Support groups offer people opportunities to talk to others who share a common experience; give and receive emotional support; share problems, concerns, and coping skills; and gather information and learn.12,13 They can also represent their members in the public arena, giving an organized voice to members’ concerns (consider lobbying efforts by the American Lung Association or the public awareness campaigns by the March of Dimes). Support groups generate understanding and compassion by sharing members’ stories (e.g., in 2009 the Jerry Lewis Muscular Dystrophy Association telethon, in its forty-fourth year, spotlighted seven families).14 Such understanding can help reduce any stigma that may be attached to illness or “otherness.” These groups also often fund or otherwise support research on their particular health problem.
Benefit of Participation
The relationship between better patient outcomes and better quality of life (QoL), and support group participation, has been demonstrated by numerous studies in a wide range of chronic health disorders. Cancer support groups are perhaps the most widely studied. Pertinent to our concerns—whether participation in a support group is beneficial to people…on HPEN—are the studies by Dr. Carol Smith and her team at the School of Nursing, University of Kansas Medical Center.
In 2002, Dr. Smith and colleagues published the results of a study focused specifically on the relationship between affiliation with a national support group (the Oley Foundation) and home parenteral nutrition (HPN) patient outcomes.15 The study looked at two groups of HPN patients: group 1 was comprised of 52 patients from large academic center medical programs and group 2 was comprised of 43 patients who were supervised by a physician in private practice. Patients were separated out in this way because many of those in group 1 had access to a nutrition support team through the center that provided their care, and this support might have reduced what these individuals gained from a national organization.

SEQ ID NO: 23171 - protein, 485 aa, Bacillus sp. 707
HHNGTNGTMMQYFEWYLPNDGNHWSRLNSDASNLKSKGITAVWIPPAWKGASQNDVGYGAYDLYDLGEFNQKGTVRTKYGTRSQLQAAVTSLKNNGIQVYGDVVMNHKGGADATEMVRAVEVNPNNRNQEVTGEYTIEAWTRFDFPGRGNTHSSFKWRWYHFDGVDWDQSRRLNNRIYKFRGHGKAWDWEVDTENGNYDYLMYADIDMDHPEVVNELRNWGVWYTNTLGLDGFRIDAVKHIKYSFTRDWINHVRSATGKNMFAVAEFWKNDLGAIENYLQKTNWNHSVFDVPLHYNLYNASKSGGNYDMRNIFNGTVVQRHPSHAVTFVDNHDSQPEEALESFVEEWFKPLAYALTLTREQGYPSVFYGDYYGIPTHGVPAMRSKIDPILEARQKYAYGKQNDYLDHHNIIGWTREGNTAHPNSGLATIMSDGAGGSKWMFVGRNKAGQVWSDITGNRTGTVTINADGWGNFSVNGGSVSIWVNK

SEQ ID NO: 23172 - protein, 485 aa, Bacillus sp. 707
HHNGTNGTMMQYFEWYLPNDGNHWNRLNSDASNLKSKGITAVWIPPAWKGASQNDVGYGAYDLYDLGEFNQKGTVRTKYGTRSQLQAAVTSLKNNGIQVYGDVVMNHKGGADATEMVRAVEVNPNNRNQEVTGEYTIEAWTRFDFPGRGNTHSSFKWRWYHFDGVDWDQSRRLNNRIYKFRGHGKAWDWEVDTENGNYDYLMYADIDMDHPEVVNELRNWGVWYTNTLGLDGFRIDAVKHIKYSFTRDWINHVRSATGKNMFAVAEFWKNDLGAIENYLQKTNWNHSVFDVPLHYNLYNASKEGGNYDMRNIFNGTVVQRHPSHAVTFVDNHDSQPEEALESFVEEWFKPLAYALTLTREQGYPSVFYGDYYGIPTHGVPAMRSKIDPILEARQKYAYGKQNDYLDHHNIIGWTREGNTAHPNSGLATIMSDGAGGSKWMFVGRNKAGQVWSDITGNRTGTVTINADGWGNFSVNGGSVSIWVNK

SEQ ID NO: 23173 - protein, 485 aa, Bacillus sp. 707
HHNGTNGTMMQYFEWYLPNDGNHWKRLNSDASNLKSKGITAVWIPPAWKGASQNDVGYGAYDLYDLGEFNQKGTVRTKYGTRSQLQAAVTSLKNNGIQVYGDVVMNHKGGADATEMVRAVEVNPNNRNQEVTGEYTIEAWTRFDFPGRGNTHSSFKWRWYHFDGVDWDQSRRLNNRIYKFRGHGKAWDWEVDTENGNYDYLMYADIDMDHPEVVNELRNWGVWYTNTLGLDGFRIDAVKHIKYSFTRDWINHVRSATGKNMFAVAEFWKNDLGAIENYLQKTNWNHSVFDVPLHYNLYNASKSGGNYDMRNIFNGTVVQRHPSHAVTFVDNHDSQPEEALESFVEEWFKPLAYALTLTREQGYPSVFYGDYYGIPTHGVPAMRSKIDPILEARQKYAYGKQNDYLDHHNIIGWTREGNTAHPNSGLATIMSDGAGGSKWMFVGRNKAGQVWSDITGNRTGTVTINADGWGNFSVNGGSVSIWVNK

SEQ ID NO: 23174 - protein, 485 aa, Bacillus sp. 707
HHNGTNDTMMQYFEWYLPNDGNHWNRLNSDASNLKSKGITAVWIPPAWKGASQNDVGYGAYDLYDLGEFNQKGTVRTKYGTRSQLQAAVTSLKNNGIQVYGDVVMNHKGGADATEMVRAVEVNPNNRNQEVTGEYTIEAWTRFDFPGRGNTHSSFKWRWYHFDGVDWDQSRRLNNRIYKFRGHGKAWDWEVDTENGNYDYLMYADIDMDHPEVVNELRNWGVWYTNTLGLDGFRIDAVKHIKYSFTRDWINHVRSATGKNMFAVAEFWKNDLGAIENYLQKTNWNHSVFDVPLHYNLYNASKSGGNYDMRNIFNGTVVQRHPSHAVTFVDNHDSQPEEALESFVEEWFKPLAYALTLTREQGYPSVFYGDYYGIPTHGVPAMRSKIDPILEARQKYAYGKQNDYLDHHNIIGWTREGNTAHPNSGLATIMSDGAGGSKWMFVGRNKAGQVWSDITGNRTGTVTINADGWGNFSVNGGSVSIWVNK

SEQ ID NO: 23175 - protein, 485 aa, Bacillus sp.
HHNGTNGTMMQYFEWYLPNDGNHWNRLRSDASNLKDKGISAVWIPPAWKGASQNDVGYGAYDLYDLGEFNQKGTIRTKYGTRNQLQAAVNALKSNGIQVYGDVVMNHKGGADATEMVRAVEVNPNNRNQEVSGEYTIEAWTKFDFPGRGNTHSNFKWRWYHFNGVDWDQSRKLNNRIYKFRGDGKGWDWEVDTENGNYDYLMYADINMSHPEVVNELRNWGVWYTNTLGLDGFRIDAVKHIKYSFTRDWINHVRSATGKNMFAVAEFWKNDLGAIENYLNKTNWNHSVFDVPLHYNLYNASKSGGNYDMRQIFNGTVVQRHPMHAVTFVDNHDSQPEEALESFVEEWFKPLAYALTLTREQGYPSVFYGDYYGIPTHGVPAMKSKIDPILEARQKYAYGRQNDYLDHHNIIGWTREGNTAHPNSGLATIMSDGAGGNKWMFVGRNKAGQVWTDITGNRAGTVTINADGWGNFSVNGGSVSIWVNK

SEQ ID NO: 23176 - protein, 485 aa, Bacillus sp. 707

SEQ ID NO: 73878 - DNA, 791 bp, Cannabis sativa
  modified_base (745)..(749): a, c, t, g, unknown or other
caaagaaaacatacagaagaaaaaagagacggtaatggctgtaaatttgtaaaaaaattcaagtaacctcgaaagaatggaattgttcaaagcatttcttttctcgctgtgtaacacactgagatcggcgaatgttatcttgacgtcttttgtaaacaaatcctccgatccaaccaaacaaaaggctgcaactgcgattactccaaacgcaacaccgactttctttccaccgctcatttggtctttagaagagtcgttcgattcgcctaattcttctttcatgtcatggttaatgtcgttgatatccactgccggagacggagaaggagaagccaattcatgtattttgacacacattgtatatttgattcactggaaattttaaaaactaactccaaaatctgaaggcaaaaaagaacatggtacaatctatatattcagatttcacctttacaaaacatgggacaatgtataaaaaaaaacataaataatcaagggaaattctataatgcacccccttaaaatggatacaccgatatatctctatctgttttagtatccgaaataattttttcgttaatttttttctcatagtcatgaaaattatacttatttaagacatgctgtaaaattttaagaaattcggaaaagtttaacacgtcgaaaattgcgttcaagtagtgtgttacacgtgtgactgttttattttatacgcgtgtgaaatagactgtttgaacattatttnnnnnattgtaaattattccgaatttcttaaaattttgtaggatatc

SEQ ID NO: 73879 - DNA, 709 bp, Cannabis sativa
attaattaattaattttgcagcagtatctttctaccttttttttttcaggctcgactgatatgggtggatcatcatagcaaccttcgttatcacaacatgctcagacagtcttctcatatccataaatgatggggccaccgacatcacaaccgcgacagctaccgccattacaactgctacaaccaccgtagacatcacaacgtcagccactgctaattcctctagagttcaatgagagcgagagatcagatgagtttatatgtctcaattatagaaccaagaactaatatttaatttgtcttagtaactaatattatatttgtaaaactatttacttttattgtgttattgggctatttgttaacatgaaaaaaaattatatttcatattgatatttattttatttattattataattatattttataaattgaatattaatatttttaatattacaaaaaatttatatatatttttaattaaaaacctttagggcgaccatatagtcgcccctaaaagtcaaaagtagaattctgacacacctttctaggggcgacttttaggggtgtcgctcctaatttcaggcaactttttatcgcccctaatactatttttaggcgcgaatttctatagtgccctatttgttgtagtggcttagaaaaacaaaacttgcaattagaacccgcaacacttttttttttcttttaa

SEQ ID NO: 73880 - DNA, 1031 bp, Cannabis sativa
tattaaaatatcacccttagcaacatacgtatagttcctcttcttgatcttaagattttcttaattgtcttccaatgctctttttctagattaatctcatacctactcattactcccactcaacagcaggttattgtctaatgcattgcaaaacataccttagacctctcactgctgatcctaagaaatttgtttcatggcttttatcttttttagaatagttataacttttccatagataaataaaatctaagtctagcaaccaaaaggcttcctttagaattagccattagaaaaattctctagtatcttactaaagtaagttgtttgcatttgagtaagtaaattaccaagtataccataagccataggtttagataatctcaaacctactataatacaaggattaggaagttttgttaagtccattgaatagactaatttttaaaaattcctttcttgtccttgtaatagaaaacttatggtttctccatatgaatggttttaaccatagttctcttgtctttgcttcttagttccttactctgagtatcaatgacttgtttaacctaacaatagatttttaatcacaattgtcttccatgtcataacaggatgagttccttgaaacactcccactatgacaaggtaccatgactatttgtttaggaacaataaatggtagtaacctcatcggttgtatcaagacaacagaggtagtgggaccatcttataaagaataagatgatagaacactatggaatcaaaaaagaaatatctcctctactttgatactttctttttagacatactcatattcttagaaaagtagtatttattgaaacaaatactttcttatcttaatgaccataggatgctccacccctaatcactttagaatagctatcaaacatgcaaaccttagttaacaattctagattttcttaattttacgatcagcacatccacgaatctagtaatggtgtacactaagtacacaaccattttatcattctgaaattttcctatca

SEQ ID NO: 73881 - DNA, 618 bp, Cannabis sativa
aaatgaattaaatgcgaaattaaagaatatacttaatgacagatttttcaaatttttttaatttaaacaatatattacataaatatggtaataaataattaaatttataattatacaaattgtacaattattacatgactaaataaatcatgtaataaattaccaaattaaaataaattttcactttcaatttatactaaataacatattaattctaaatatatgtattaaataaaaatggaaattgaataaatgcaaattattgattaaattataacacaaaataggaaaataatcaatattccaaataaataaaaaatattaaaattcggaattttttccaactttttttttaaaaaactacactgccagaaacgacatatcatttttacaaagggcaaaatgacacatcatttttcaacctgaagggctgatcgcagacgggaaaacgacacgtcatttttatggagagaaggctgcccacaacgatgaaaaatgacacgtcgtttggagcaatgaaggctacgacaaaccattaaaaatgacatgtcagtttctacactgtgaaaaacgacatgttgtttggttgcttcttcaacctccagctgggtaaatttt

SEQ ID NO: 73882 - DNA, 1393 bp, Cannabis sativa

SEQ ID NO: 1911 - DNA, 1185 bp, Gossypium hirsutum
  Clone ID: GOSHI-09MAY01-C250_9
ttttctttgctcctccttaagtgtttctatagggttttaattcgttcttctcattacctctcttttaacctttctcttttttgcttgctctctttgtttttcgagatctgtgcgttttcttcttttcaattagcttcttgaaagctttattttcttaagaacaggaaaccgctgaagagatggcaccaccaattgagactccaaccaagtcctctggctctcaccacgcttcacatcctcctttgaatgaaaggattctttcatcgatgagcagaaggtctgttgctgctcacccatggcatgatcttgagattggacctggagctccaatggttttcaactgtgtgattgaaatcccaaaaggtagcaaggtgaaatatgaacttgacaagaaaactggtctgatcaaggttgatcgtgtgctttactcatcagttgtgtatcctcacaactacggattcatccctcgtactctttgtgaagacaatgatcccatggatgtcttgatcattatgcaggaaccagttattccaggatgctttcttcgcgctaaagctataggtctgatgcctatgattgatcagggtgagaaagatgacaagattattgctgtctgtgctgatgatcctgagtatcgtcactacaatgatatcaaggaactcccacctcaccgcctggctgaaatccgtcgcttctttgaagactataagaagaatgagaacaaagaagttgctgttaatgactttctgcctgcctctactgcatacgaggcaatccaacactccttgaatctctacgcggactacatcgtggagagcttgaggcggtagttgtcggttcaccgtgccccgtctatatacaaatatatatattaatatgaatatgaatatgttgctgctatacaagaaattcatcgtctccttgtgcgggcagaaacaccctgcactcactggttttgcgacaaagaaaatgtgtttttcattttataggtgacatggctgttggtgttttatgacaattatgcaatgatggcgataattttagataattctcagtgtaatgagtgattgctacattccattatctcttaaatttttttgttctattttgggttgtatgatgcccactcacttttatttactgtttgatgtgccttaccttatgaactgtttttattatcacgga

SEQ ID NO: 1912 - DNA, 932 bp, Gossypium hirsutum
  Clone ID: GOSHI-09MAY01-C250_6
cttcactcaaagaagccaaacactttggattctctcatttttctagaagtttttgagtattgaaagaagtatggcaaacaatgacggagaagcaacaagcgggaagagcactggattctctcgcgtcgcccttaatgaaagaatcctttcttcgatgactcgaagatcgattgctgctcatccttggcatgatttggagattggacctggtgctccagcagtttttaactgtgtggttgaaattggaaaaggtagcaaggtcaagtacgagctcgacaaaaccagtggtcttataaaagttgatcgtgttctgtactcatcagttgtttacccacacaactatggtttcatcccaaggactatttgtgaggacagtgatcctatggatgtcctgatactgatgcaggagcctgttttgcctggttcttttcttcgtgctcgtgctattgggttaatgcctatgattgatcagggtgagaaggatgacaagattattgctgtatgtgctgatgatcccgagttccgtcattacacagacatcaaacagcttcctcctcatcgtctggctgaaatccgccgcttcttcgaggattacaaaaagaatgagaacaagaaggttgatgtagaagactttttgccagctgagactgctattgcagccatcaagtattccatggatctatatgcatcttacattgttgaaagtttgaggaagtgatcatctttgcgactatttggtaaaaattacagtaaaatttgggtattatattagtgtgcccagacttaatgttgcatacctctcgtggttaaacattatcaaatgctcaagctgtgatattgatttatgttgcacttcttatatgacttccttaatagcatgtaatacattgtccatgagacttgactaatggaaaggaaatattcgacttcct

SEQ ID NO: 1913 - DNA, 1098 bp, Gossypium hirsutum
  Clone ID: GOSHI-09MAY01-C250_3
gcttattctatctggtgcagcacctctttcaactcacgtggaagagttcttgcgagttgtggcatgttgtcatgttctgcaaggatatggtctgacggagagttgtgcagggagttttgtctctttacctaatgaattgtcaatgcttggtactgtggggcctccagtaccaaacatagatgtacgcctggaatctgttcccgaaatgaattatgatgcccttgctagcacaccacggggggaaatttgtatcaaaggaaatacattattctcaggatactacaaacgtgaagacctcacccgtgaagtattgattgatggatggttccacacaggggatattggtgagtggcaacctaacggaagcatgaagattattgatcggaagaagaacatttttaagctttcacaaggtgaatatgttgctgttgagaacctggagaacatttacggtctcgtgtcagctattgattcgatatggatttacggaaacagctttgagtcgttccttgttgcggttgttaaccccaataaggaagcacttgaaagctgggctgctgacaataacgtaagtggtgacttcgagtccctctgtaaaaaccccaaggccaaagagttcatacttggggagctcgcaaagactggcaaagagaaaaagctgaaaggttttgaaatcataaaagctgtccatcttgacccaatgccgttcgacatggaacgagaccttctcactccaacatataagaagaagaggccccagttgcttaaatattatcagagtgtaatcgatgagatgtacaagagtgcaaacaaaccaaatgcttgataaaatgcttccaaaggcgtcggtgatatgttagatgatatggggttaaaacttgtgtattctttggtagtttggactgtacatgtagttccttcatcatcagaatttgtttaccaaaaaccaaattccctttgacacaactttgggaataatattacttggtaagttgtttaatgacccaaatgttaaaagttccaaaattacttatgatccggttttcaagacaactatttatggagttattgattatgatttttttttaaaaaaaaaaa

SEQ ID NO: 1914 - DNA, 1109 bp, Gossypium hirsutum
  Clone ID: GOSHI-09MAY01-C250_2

Twenty-four of the participants in group 1 were affiliated with the Oley Foundation and 28 matched case controls were not; 21 of the participants in group 2 were affiliated with Oley and 22 matched controls were not. The matched case controls had similar primary diagnoses, duration on HPN, sex, and age distribution. All these factors are known to independently influence clinical outcome. Participants each filled out the 35-question Quality of Life Index (QLI) and a 20-question reactive depression questionnaire. “This study,” Dr. Smith writes, “showed that patients affiliated with a national organization have a better outcome, regardless of HPN program size. Specifically, affiliated patients, compared with nonaffiliated case-matched controls, experienced a significantly higher quality of life, less reactive depression, and a lower incidence of catheter-related sepsis”. 16
Dr. Smith has also reported favorable results in a peer support program initiated at the University of Kansas Medical Center in the late 1990s. In this program, patients who were identified as successfully managing their own HPN underwent training to become preceptors. Their instruction included reinforcement exercises to: (1) develop listening skills; (2) appropriately respond to concerns reported by patients; and (3) avoid providing medical advice (Smith, 11/4/2009, pers. comm.). They were subsequently paired with more recently diagnosed HPN patients. In the results published in 2001, Dr. Smith notes “new patients’ post-preceptor interaction depression scores decreased, whereas confidence to master home HPN increased….Also, each patient and their peer preceptor rated the interactions as helpful”.17,18